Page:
In The Act of Killing, his previous documentary, director Joshua Oppenheimer employed an innovative technique to explore the atrocities committed under Indonesia’s military dictatorship. The film followed several death squad leaders who were responsible for exterminating thousands of accused communists. Oppenheimer provided these men with financing and production crews, allowing them to recreate their appalling actions on film. It was his hope that by confronting their past in this manner, the men would experience some level of remorse or moral responsibility for their actions. The Look of Silence, Oppenheimer’s companion piece to The Act of Killing, is not nearly as experimental or original as its predecessor. This is not to say that the film is without power. On the contrary, in some ways Silence cuts even deeper than its companion.
For those who already have a low opinion of humanity, The Look of Silence will do little to alleviate your misanthropy. It’s a gorgeously-crafted documentary, and it will likely resonate with people of at least decent moral standing, but it depicts humanity at its worst and offers no hope at the end. A unnervingly tranquil depiction of men as monsters, Joshua Oppenheimer’s film attempts to confront the leaders of the 1960s Indonesian Genocide, a one-sided civil war that resulted in the deaths of over one million people. The killers admit to nothing, of course, and the elected officials (“elected”)write off the genocide as “politics.” Children are programmed to think that those who were murdered deserved it: they were communists, Godless heathens, sinners. Victims’ families don’t dare address the decades-long suppression of truth because subversives are still killed in Indonesia today. It’s 2014, and the populace has been lulled into a startling state of delusion. The film, beauteous and depressing in equal measure, feels like a slowly swelling minor chord sustained for 99 minutes, with no crescendo needed.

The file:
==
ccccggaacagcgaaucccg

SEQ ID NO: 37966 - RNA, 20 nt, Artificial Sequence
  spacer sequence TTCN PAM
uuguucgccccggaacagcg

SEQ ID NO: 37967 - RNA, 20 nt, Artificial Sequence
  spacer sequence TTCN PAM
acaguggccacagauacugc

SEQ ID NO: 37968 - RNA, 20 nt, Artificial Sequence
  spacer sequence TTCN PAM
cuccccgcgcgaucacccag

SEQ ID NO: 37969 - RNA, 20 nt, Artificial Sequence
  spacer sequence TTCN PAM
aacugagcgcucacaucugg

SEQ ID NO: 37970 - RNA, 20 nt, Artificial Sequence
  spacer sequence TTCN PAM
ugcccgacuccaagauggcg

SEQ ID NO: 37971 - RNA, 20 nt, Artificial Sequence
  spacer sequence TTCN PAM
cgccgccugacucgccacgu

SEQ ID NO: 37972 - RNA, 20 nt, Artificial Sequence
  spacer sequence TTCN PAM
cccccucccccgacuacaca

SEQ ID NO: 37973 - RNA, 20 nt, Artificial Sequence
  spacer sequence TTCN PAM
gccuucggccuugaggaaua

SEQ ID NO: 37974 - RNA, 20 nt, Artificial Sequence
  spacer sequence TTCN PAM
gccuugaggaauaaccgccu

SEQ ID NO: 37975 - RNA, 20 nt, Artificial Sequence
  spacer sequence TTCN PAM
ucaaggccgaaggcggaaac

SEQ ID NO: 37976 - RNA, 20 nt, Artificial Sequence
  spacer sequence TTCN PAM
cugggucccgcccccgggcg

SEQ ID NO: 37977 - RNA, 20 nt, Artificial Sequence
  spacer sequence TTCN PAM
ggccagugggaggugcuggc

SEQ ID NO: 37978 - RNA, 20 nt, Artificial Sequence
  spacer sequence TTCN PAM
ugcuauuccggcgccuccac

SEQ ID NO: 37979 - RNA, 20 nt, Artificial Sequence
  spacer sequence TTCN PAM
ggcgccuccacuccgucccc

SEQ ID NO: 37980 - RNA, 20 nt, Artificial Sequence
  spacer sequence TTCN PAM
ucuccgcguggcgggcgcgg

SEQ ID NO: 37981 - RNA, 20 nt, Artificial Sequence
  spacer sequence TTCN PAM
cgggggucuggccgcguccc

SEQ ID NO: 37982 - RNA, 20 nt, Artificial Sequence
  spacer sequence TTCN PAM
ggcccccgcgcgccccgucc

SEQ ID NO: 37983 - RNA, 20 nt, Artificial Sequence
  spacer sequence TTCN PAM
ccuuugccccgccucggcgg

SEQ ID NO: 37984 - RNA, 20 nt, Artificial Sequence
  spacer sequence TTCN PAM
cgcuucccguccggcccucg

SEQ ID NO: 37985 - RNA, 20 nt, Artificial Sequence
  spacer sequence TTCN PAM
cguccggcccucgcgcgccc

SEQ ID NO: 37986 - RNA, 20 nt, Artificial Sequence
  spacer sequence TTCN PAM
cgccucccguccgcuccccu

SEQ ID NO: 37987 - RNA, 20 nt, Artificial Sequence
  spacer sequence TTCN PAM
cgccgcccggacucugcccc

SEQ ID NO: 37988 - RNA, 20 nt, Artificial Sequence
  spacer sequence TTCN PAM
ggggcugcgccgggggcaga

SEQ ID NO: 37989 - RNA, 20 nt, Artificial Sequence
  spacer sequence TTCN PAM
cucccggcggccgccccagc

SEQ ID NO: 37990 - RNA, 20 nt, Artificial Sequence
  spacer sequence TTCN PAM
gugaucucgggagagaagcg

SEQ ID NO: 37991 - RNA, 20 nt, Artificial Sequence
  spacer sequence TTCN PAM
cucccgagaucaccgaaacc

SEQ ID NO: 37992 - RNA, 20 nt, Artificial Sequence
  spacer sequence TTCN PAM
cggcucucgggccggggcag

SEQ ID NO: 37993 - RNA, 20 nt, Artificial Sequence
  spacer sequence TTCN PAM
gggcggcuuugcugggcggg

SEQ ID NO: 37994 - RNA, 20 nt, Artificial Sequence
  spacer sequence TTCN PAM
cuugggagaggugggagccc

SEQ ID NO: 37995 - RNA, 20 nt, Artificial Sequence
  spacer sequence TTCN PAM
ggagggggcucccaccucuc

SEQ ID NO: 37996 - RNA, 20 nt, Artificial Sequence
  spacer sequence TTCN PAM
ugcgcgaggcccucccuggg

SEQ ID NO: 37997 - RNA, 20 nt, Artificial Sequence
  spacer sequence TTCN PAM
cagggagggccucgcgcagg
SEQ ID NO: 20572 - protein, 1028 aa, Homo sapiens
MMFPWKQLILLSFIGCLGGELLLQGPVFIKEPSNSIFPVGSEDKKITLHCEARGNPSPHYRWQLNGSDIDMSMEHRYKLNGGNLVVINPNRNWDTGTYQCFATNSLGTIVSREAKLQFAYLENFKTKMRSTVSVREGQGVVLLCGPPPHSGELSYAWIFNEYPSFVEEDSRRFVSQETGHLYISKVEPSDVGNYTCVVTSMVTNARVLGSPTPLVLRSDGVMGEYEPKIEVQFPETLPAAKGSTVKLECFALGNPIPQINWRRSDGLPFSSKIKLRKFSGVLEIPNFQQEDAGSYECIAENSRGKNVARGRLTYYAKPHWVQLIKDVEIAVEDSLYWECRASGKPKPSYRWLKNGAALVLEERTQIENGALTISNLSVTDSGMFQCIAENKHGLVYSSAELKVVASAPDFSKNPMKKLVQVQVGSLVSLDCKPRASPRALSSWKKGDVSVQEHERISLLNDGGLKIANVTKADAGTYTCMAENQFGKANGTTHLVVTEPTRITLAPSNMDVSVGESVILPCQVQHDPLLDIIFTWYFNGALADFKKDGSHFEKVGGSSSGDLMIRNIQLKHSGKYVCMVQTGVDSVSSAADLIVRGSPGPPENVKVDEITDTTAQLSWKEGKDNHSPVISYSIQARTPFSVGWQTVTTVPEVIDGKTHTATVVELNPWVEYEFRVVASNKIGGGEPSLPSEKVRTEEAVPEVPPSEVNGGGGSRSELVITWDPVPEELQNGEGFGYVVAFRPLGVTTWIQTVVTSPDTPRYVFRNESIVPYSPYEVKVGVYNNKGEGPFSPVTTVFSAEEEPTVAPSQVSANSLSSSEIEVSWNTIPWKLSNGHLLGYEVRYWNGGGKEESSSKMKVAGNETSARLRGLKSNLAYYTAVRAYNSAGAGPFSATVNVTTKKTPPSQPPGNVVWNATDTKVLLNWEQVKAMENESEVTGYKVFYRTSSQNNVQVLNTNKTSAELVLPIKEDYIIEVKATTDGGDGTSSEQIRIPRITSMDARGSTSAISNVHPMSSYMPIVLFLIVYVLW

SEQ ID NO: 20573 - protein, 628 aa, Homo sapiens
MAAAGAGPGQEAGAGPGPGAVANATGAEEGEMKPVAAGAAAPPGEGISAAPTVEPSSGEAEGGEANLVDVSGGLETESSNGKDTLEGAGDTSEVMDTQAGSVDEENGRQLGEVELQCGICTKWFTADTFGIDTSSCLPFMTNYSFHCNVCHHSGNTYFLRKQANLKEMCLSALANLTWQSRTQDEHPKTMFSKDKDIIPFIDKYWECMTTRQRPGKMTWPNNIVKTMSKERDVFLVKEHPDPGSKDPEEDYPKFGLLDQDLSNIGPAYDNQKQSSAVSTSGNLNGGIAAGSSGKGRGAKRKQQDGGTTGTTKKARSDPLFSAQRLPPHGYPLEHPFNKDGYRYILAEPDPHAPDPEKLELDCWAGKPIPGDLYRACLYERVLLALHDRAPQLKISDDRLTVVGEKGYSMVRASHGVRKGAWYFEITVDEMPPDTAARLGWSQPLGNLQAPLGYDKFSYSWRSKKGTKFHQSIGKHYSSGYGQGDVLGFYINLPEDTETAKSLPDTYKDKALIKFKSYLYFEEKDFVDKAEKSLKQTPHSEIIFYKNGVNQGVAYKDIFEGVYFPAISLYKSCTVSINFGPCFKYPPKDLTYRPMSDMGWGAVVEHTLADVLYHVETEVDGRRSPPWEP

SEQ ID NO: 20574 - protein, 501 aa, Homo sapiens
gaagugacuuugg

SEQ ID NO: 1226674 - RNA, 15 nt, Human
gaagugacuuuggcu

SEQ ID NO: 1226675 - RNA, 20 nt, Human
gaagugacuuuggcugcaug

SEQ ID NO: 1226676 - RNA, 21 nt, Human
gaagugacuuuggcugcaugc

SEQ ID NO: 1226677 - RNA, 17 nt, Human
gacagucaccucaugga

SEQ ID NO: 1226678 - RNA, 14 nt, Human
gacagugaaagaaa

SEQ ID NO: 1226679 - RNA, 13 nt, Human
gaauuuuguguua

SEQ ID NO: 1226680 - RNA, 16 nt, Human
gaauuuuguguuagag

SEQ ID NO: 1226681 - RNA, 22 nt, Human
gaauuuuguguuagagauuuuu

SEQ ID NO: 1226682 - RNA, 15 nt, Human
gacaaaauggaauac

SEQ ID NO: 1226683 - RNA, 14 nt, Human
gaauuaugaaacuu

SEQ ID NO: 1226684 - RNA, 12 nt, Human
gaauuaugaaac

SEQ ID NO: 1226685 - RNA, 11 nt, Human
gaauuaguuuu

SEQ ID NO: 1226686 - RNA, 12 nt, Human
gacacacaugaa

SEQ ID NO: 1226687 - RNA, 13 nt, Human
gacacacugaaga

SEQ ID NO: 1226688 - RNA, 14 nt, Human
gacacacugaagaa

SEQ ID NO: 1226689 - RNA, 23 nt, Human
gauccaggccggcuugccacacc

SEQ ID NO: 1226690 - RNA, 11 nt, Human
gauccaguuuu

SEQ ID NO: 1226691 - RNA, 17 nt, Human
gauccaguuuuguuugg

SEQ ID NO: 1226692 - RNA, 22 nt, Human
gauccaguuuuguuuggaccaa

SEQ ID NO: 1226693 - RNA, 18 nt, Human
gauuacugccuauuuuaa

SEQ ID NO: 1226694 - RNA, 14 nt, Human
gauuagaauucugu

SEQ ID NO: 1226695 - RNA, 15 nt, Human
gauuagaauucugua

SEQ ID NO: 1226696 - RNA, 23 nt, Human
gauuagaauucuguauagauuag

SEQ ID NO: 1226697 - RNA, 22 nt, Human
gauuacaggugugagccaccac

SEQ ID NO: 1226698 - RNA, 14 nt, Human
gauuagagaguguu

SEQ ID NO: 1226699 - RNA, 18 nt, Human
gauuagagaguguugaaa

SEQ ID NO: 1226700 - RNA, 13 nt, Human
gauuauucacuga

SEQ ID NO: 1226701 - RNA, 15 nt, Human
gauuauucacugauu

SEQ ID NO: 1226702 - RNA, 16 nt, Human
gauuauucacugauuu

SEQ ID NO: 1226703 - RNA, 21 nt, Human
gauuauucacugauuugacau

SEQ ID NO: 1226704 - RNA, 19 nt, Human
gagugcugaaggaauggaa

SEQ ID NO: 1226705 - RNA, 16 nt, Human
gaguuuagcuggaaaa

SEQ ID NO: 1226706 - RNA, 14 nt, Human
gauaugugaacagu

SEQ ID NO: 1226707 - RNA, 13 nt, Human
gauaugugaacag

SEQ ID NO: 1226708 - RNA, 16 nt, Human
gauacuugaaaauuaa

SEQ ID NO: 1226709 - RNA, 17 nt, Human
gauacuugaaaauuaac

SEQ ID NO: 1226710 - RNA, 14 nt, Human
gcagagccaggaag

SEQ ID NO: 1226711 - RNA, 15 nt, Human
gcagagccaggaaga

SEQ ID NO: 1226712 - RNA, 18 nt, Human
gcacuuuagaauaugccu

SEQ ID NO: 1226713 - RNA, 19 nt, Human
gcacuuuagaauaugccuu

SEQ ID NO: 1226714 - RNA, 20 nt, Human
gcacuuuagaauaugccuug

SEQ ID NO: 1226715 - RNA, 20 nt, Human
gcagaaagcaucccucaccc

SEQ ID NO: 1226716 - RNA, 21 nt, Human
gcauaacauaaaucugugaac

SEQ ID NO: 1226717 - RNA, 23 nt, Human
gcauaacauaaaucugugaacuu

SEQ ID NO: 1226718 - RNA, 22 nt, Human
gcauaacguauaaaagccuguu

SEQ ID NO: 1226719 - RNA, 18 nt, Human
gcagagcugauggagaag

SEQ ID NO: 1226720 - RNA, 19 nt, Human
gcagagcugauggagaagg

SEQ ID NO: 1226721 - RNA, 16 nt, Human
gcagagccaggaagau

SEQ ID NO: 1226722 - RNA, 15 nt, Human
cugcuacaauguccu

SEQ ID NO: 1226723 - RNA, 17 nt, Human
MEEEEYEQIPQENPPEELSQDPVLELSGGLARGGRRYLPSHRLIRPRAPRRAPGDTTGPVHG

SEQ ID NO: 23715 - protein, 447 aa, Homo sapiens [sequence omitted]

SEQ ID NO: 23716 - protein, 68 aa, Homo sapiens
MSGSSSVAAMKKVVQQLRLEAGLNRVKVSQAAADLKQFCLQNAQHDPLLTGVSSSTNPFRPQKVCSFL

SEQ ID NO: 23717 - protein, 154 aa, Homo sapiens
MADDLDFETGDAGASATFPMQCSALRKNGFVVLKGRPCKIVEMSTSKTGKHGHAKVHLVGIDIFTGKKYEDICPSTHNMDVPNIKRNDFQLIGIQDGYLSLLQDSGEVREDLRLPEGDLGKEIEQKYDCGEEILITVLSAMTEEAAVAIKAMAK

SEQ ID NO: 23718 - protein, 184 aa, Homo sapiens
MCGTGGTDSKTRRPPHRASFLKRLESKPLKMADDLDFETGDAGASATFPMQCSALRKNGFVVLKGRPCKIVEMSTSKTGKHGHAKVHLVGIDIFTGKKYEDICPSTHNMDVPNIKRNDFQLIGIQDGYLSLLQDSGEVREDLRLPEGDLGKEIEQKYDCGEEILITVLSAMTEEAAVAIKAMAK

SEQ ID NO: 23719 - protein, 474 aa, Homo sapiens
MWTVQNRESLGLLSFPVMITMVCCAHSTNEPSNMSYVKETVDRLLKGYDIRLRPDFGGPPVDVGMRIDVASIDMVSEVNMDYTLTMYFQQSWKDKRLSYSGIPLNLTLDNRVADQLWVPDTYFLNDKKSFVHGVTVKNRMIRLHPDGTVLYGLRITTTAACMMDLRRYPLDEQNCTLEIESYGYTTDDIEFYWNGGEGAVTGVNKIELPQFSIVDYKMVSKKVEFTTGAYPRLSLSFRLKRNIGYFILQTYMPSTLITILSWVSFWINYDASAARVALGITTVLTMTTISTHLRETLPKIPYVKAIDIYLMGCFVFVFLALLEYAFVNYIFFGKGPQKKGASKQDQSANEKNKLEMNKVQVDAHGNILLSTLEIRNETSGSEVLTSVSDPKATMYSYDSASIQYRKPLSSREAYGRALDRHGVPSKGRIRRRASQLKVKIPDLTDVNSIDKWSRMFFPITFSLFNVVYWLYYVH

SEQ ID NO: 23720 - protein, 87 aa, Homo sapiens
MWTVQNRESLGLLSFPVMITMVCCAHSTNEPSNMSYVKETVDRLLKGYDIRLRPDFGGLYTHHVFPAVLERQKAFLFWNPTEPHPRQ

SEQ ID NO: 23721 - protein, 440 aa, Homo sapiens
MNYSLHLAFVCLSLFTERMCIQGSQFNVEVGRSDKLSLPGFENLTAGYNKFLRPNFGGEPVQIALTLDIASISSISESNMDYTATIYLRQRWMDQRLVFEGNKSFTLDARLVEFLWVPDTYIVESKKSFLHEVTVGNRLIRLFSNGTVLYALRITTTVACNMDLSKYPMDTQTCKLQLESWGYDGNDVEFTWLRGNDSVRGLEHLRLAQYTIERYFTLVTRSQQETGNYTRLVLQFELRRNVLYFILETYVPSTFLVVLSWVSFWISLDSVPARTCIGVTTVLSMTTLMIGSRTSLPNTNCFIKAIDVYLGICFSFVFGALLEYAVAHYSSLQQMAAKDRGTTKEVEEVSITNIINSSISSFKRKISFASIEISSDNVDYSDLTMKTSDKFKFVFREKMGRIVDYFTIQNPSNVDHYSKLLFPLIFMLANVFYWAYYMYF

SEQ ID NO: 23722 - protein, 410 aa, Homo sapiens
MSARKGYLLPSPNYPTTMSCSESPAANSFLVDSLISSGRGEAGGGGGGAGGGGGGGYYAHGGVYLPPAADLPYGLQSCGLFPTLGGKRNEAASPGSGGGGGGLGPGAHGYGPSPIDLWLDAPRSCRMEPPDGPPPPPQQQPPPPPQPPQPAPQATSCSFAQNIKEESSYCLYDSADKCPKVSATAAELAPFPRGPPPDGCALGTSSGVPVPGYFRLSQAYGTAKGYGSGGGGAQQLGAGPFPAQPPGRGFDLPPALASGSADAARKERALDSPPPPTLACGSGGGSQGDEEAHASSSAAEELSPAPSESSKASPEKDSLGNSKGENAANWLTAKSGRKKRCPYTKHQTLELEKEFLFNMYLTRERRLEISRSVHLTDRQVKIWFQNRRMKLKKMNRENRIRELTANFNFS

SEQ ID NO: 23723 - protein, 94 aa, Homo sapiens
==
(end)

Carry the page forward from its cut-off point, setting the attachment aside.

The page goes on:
The worst, most oblivious parts of humanity are on display in the strange and striking new documentary The Act of Killing. Hyperbolic or not, it’s hard to imagine many other documentaries quite like this one, in which the director calls upon many of its participants to reenact, as they please, a number of harrowing and gruesome events from 40 years ago.